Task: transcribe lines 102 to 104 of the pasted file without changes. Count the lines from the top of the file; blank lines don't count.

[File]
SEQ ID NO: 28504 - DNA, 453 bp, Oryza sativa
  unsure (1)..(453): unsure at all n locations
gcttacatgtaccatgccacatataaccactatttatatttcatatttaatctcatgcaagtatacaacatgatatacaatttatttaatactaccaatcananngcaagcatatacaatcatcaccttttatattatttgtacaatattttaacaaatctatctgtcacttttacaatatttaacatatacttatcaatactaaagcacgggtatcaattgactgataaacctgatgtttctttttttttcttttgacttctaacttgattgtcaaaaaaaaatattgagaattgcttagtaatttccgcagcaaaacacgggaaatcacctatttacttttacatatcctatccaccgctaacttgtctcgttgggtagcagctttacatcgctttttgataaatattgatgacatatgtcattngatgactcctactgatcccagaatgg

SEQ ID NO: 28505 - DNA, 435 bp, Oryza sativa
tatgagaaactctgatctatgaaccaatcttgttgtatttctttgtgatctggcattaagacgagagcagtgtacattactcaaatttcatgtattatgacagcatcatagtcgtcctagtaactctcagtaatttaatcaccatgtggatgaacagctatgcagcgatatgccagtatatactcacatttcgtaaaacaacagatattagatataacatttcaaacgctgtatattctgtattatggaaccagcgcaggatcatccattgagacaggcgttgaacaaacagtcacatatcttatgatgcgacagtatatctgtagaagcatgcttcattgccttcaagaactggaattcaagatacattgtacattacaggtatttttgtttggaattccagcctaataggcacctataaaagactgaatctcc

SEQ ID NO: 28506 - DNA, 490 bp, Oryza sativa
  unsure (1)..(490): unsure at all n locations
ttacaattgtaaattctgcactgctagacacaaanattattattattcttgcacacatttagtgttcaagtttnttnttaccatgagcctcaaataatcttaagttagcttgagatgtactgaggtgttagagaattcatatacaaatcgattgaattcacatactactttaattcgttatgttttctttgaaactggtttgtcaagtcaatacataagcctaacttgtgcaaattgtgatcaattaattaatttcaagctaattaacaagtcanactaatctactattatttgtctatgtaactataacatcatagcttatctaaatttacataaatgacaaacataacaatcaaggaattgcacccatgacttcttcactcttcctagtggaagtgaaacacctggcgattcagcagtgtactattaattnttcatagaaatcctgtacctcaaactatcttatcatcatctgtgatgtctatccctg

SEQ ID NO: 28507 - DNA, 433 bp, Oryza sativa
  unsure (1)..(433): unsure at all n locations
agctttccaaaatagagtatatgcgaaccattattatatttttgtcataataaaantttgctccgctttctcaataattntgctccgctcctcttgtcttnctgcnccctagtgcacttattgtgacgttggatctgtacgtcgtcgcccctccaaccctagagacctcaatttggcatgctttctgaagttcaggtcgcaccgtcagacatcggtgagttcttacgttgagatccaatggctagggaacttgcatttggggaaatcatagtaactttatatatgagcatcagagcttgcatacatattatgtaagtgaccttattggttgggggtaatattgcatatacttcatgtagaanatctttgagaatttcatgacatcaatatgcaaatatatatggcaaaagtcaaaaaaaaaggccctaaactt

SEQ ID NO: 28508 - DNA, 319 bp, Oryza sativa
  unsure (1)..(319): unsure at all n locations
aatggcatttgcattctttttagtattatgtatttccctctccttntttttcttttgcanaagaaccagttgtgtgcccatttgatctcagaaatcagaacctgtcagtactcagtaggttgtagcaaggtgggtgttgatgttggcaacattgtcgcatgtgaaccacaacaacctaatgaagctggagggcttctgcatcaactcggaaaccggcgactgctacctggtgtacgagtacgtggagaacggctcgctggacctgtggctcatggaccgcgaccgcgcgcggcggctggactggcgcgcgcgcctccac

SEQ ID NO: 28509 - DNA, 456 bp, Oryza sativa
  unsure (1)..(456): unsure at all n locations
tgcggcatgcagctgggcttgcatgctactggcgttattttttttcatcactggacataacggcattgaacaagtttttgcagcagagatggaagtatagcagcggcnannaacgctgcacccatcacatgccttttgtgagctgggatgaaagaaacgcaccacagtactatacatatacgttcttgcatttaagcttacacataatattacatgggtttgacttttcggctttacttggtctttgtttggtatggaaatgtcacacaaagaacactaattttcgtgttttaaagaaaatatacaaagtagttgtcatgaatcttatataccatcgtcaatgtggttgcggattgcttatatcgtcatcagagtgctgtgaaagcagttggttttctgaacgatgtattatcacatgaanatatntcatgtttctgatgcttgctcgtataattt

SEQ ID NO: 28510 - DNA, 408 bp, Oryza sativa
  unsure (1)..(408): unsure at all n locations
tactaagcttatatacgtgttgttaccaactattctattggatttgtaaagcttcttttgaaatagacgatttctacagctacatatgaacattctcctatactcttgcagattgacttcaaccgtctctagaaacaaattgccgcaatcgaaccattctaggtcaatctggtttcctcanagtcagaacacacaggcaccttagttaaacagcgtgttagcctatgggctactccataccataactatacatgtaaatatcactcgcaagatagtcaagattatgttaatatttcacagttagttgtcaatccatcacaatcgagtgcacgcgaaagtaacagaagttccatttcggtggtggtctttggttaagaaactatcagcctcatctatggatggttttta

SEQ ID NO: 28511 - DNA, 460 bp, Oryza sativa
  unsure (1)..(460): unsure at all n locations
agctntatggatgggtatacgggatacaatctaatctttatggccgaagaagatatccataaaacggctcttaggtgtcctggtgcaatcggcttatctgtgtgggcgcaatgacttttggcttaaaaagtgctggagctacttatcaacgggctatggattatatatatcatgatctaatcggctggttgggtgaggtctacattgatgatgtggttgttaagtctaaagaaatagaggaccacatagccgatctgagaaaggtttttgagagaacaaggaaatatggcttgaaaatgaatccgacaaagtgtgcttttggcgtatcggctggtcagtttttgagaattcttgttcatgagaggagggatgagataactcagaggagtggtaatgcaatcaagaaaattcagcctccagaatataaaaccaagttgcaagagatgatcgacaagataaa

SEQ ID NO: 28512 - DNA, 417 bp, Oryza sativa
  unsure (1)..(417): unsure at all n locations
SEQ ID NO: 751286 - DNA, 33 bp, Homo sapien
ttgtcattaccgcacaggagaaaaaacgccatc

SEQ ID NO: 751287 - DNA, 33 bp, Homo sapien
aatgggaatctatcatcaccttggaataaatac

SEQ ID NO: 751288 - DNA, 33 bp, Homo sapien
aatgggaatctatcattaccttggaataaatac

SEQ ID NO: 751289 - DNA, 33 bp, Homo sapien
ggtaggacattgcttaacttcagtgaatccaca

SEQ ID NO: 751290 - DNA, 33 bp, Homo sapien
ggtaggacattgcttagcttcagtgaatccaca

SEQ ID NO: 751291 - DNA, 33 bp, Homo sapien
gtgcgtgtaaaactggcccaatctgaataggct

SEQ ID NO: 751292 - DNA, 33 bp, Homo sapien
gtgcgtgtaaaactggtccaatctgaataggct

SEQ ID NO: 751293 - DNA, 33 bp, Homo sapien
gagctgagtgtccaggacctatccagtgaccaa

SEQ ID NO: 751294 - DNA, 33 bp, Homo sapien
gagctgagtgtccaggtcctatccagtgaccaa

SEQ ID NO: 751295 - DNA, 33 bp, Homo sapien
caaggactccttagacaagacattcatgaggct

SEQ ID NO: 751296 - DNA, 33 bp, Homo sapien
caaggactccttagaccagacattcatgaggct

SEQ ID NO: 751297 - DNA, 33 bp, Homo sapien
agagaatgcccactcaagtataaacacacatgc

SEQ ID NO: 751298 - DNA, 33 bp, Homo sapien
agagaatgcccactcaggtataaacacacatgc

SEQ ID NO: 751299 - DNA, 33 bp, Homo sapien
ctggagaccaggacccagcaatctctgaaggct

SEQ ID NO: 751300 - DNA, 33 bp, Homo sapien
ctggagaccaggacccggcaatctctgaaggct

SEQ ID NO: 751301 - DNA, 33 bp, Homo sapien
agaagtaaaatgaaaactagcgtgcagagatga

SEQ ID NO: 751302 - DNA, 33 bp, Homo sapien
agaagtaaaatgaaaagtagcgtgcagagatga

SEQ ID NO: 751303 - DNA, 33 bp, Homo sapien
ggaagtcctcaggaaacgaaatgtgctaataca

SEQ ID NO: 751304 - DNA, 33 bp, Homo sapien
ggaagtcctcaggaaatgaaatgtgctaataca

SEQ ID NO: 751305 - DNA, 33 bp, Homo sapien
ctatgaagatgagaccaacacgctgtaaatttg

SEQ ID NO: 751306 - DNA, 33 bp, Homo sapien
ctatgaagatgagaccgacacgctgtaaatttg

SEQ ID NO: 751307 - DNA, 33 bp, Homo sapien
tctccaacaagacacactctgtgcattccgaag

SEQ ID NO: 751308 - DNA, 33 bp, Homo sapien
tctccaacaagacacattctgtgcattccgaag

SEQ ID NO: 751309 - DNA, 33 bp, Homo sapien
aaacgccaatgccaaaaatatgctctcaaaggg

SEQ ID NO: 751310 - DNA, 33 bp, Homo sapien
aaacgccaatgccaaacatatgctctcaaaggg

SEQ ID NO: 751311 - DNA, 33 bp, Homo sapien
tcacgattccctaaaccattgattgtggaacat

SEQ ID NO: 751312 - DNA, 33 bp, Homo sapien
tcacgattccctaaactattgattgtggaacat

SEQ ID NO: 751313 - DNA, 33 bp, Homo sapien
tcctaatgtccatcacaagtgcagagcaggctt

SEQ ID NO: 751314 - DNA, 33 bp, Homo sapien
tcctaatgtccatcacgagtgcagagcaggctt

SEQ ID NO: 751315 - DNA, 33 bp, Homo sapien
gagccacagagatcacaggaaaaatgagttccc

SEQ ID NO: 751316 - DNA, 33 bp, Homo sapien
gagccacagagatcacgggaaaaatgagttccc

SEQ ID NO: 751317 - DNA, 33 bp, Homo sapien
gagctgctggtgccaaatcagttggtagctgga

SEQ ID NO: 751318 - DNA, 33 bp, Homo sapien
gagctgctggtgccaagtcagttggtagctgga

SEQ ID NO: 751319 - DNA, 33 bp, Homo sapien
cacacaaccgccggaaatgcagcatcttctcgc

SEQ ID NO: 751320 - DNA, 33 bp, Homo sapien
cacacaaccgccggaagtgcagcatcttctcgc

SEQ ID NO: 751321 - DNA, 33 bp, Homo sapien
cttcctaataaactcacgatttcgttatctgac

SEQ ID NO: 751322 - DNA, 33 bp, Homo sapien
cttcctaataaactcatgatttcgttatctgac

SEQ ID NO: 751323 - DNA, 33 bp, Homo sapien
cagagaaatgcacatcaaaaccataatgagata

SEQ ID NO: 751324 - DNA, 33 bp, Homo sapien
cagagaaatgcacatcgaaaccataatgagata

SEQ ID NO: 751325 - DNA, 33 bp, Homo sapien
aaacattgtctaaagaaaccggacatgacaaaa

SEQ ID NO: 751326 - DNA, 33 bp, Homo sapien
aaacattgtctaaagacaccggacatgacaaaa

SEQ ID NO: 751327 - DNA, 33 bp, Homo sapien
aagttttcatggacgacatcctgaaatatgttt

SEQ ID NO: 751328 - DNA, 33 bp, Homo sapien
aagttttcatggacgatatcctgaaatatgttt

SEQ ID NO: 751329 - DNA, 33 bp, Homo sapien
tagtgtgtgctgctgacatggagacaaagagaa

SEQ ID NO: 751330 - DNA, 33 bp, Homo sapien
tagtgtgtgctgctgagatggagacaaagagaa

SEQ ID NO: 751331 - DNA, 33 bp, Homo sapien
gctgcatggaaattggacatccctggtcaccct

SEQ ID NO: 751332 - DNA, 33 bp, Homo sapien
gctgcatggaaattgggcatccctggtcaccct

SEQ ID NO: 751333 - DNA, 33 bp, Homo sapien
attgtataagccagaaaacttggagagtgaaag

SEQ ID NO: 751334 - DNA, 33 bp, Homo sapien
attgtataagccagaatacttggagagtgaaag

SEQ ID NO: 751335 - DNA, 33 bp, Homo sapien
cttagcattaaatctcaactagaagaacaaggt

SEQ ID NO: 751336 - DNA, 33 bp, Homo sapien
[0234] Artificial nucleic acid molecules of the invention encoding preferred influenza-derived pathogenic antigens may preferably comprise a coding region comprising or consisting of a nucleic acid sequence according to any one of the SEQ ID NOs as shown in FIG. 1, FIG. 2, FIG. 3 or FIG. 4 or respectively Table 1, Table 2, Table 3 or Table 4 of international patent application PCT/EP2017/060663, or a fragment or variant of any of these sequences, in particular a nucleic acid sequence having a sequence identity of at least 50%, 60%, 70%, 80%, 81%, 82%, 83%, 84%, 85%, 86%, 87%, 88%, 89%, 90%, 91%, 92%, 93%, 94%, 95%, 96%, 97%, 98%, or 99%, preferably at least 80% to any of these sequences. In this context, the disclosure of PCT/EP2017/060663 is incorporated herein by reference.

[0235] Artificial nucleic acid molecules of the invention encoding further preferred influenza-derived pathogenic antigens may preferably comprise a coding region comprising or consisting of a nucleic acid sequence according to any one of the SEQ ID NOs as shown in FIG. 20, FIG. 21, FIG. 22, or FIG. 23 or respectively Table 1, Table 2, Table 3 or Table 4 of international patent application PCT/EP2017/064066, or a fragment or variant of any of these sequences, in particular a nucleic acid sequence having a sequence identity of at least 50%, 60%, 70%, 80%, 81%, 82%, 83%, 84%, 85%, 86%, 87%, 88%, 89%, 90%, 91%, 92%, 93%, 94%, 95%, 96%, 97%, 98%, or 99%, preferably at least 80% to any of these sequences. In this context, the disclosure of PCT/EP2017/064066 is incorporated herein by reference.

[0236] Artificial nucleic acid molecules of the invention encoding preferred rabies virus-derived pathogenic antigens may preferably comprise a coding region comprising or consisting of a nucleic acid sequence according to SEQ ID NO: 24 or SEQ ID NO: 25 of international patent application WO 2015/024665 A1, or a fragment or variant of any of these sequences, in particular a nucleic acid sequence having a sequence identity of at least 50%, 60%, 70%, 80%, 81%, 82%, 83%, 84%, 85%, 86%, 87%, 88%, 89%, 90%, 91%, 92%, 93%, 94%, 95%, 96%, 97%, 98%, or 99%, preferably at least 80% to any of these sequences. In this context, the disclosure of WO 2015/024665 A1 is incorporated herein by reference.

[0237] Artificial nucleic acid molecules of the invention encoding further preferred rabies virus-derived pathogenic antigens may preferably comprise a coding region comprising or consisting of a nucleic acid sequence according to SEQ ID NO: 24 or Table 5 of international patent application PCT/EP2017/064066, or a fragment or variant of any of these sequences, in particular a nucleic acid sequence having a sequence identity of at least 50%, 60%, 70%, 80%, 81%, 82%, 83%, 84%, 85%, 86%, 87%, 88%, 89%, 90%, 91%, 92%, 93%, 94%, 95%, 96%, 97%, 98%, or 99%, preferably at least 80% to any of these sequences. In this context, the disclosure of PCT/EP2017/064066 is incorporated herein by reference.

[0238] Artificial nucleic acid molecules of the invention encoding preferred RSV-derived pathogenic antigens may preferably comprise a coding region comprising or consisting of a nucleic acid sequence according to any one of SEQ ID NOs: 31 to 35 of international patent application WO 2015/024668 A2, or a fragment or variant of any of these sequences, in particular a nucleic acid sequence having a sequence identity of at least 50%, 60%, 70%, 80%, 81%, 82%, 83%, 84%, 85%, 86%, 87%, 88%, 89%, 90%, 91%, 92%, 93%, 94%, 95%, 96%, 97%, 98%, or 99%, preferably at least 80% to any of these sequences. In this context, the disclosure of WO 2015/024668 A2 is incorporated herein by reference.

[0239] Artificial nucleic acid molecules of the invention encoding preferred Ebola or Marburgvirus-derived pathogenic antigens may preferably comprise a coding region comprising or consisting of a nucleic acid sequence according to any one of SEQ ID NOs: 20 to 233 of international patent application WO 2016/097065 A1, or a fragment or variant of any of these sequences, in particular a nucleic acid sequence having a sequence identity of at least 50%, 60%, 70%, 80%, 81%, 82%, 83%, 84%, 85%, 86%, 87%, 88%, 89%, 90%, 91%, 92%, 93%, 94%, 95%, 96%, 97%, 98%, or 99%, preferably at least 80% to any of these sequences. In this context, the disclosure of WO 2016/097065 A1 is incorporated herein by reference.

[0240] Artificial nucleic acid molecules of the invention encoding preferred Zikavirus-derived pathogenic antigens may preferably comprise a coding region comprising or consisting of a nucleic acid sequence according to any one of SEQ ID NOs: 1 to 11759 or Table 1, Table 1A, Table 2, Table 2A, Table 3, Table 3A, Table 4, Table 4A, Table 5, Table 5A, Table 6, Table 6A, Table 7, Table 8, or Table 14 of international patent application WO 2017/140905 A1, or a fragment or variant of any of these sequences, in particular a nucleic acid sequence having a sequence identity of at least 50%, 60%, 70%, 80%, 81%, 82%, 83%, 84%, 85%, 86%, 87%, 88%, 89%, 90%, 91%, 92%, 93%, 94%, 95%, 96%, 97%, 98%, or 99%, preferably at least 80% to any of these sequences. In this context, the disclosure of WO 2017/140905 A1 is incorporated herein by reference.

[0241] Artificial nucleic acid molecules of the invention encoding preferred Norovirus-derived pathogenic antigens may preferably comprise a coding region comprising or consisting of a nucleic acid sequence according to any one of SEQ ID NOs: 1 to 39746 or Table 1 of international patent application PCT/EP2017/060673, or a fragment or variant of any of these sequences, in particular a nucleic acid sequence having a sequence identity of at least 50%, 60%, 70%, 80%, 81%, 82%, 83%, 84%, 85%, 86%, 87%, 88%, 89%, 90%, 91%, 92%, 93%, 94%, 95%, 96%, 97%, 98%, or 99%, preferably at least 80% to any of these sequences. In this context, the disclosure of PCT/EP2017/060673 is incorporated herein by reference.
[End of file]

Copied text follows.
SEQ ID NO: 751324 - DNA, 33 bp, Homo sapien
cagagaaatgcacatcgaaaccataatgagata

SEQ ID NO: 751325 - DNA, 33 bp, Homo sapien